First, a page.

241/365 – Meditation Games #241 – Jazzy Meditation

Developer: Ryan Soulard

Back when I was in high school and I was a big band geek, being involved in the Jazz band was one of my favorite times of the year. After a bunch of months trying to be strict about adhering to a routine and a specific set of sounds and notes, whether it was from marching band songs with a certain rhythm or a concert piece with a very subtle yet delicate balance in not just playing notes but sounding them out, jazz was the best departure from that, precisely for the fact that it allowed me to stretch my limbs a little, musically.

The entry depicts a common scenario for many old school jazz listeners – the idea of removing a treasured jazz record from its sleeve and playing it on the record, enjoying how a piece was played, and more importantly, improvised upon. With jazz, the structure of the music allows for a bit of variation on detail, as musicians explore outside of the base melody to make personal tweaks and changes, resulting in a musical rendition unique to them. It’s especially impressive with smooth jazz, the genre the developer chose for this entry, as the more subdued tone makes for less bombastic improvisations – all of which are no less impressive for being done.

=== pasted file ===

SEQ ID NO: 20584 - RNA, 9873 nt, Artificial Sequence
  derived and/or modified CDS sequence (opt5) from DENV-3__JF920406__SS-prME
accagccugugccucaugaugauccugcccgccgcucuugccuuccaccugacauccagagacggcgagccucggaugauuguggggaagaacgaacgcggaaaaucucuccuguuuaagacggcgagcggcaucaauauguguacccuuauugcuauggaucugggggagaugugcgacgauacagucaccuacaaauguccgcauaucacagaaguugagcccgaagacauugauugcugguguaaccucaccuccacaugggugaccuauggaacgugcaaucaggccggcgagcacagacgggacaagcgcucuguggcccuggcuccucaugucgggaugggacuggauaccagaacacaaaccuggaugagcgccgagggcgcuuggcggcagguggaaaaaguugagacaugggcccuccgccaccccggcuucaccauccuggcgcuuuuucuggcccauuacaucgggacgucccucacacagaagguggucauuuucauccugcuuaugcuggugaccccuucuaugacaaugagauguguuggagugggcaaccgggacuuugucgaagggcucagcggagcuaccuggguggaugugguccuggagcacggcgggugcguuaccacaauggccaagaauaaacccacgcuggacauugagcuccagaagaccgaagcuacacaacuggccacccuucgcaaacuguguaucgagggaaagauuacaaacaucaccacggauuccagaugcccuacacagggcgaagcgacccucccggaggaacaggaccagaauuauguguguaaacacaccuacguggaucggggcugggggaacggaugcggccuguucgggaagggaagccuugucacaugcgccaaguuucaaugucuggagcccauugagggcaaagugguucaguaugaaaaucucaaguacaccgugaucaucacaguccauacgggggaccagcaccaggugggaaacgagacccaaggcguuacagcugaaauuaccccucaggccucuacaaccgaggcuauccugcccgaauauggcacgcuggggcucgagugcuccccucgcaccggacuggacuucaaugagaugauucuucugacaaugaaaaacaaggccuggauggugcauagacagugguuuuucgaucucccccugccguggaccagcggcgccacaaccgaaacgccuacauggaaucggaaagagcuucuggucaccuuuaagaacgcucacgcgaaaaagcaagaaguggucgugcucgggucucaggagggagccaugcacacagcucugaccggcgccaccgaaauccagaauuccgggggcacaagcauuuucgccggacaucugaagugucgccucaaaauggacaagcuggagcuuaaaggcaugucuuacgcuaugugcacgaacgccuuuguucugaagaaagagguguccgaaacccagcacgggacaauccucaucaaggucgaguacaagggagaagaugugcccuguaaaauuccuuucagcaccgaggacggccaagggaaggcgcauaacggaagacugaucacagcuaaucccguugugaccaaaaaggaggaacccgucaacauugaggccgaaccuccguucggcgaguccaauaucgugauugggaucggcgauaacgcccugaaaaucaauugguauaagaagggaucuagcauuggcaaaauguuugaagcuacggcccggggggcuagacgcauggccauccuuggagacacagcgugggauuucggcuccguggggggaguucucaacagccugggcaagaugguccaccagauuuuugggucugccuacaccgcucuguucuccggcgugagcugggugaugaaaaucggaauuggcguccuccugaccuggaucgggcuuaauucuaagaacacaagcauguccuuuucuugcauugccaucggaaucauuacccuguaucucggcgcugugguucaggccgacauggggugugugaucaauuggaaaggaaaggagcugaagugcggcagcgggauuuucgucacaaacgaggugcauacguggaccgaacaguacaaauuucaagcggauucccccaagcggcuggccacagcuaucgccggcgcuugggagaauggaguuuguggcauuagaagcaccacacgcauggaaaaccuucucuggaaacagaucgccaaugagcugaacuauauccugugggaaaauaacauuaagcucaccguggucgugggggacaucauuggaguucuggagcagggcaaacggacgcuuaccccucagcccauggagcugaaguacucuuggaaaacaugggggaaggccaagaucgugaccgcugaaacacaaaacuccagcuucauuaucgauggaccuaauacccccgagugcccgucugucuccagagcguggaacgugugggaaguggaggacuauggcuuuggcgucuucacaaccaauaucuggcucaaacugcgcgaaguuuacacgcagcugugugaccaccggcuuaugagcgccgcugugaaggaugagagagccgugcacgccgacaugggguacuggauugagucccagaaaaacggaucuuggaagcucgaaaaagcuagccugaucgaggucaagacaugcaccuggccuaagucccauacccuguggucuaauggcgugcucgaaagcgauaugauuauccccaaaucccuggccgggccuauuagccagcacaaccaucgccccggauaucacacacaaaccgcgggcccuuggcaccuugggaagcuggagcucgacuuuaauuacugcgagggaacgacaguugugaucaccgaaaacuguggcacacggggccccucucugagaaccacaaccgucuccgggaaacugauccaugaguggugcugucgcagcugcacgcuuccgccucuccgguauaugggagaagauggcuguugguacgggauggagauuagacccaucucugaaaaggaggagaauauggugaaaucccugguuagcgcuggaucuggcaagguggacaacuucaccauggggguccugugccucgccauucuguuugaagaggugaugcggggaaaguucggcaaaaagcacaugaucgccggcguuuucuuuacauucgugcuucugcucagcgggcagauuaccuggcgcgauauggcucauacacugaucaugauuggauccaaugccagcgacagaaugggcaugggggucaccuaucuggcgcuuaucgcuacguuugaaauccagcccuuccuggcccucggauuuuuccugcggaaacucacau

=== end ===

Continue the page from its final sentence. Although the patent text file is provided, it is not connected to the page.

This entry also reminds me that music itself is an ever-evolving set of expressions, even if they’re offshoots of other such genres. Jazz came from blues, which itself came from something else, which itself…well, you get the idea. The fact of the matter is that jazz is just one step in the continuously forking genres that are music, whether popular or more niche, and jazz, with all its ability to change and evolve within the piece itself, is the embodiment of that persistently changing set of aural expressions that we call notes, music, and song. It’s a reminder that not everything has to be cut and dry, that there are always ways to do things differently and make them better, and that there are always ways to expand one’s mind by appreciating those variations. Smooth jazz just happens to be a nice little reminder of that that sounds pleasing.

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